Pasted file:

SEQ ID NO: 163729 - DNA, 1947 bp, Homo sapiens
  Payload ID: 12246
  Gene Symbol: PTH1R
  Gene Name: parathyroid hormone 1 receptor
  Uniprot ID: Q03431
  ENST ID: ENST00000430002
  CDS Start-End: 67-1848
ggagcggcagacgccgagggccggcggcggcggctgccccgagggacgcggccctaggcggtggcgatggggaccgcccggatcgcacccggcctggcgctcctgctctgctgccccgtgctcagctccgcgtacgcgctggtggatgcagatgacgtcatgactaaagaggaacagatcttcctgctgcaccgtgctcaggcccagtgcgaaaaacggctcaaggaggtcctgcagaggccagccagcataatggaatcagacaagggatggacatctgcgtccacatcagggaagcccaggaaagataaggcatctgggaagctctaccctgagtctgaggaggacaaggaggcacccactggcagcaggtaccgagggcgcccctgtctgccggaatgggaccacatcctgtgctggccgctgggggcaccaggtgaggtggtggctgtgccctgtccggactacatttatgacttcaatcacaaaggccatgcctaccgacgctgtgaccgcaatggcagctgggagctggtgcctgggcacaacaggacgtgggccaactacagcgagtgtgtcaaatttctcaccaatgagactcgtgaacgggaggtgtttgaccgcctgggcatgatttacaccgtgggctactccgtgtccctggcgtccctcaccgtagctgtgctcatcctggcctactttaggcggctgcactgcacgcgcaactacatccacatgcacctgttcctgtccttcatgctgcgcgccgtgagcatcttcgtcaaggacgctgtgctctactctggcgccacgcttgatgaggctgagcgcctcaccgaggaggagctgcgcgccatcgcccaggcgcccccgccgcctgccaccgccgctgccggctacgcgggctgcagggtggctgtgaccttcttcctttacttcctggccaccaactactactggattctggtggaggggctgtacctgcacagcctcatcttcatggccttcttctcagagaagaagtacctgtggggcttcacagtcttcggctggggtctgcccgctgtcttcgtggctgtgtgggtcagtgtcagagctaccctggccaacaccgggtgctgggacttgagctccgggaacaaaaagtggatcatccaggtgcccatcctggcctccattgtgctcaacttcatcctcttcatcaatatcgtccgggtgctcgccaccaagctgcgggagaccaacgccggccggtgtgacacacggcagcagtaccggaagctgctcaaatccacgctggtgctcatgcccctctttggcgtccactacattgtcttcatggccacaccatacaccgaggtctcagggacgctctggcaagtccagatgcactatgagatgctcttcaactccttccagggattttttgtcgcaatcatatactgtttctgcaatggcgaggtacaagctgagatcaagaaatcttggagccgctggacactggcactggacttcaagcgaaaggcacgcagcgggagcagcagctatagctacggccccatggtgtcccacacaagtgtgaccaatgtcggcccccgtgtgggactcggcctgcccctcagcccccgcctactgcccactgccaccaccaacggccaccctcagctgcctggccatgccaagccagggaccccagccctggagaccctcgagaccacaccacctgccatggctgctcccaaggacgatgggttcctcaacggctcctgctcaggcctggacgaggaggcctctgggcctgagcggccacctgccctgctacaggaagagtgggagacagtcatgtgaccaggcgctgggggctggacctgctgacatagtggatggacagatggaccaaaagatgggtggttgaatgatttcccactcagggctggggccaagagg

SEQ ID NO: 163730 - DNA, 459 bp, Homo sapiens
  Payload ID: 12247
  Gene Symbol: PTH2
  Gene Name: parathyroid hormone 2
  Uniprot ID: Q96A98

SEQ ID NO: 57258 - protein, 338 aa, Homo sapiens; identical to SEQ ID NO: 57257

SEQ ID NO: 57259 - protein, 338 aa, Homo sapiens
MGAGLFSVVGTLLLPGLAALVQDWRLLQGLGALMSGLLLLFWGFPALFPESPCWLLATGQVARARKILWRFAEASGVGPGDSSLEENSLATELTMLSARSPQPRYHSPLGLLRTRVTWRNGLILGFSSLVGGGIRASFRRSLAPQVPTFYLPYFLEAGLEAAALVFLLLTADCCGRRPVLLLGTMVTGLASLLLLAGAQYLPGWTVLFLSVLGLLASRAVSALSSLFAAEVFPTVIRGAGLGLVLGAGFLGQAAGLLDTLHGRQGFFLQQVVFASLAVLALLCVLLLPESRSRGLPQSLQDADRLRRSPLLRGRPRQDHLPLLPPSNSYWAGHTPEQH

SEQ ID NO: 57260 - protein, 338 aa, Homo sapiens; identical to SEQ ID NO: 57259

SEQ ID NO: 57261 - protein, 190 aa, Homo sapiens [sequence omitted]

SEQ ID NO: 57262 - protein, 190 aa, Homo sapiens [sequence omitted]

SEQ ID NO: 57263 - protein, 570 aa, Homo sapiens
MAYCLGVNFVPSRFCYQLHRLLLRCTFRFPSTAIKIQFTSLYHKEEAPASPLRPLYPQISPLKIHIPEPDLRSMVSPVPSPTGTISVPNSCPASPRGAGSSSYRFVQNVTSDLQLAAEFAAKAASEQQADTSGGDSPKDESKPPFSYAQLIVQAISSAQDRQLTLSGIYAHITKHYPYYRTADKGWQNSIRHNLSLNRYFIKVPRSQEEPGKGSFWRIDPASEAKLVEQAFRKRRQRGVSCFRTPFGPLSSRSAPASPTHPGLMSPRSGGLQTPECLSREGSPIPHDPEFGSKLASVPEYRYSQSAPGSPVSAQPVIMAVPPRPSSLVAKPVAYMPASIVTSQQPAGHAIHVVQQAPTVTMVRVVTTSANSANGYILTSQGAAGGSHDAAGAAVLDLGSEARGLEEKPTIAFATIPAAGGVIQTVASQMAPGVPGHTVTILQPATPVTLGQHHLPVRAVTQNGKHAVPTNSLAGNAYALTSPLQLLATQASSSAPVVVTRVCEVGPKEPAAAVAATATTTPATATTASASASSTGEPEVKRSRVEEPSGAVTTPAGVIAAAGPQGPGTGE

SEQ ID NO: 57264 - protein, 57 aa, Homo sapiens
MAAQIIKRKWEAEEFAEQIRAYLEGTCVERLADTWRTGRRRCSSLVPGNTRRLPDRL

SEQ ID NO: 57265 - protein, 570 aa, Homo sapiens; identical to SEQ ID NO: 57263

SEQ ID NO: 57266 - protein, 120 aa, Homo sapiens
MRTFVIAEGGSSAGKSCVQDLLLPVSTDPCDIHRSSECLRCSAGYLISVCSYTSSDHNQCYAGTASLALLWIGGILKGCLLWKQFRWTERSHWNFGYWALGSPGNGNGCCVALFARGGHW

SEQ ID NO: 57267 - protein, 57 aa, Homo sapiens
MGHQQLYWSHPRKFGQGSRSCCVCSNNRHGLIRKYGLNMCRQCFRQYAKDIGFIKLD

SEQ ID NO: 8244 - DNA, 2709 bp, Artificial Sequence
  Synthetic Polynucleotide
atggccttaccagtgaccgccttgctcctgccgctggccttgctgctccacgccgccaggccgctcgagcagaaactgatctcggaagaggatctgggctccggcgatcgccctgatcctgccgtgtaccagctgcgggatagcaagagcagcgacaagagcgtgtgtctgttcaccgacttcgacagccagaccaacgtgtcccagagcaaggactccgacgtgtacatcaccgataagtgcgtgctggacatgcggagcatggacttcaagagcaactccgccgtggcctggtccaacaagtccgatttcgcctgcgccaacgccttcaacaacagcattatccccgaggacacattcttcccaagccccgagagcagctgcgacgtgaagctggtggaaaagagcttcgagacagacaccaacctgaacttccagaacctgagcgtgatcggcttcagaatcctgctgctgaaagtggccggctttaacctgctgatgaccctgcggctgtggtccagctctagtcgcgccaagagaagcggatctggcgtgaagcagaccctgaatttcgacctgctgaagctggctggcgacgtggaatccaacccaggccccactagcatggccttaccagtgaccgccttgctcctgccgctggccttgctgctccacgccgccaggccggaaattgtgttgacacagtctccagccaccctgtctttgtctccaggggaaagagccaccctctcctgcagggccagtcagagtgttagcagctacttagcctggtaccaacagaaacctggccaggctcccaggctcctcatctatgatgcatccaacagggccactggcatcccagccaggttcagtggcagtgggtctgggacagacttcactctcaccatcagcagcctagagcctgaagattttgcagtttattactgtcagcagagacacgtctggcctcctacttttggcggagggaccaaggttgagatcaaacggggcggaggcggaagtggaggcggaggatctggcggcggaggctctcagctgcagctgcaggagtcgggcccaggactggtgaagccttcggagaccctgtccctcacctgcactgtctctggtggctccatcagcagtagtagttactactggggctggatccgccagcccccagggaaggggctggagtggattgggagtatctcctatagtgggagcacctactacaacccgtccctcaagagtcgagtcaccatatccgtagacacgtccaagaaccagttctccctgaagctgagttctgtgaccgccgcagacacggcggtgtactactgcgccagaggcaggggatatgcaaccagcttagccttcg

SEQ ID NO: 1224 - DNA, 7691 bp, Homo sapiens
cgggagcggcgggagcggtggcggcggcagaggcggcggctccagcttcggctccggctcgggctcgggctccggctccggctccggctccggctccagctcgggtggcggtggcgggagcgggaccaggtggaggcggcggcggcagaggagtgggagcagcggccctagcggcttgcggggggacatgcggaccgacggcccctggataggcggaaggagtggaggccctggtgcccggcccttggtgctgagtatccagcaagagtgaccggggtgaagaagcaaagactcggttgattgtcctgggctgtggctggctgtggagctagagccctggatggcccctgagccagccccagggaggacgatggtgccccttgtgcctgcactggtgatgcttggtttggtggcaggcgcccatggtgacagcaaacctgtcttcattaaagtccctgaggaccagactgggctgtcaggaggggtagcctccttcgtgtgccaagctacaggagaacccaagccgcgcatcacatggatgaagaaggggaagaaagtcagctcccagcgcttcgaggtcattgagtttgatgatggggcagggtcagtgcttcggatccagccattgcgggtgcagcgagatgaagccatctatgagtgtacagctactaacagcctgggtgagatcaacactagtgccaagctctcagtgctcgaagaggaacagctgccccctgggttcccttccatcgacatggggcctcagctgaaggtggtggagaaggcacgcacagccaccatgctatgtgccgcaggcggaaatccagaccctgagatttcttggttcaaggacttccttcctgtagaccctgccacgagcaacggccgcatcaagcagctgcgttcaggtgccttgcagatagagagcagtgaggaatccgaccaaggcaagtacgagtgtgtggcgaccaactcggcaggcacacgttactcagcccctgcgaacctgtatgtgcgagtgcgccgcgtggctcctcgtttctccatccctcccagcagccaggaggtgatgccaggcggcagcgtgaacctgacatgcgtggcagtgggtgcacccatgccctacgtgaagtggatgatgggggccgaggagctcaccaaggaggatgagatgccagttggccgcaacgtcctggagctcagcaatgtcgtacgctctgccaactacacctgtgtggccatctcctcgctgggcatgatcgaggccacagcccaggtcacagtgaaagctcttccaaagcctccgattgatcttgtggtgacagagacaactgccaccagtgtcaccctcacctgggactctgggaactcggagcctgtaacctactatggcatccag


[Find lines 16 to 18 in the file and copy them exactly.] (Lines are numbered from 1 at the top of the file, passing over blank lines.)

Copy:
MGAGLFSVVGTLLLPGLAALVQDWRLLQGLGALMSGLLLLFWGFPALFPESPCWLLATGQVARARKILWRFAEASGVGPGDSSLEENSLATELTMLSARSPQPRYHSPLGLLRTRVTWRNGLILGFSSLVGGGIRASFRRSLAPQVPTFYLPYFLEAGLEAAALVFLLLTADCCGRRPVLLLGTMVTGLASLLLLAGAQYLPGWTVLFLSVLGLLASRAVSALSSLFAAEVFPTVIRGAGLGLVLGAGFLGQAAGLLDTLHGRQGFFLQQVVFASLAVLALLCVLLLPESRSRGLPQSLQDADRLRRSPLLRGRPRQDHLPLLPPSNSYWAGHTPEQH

SEQ ID NO: 57260 - protein, 338 aa, Homo sapiens; identical to SEQ ID NO: 57259

SEQ ID NO: 57261 - protein, 190 aa, Homo sapiens [sequence omitted]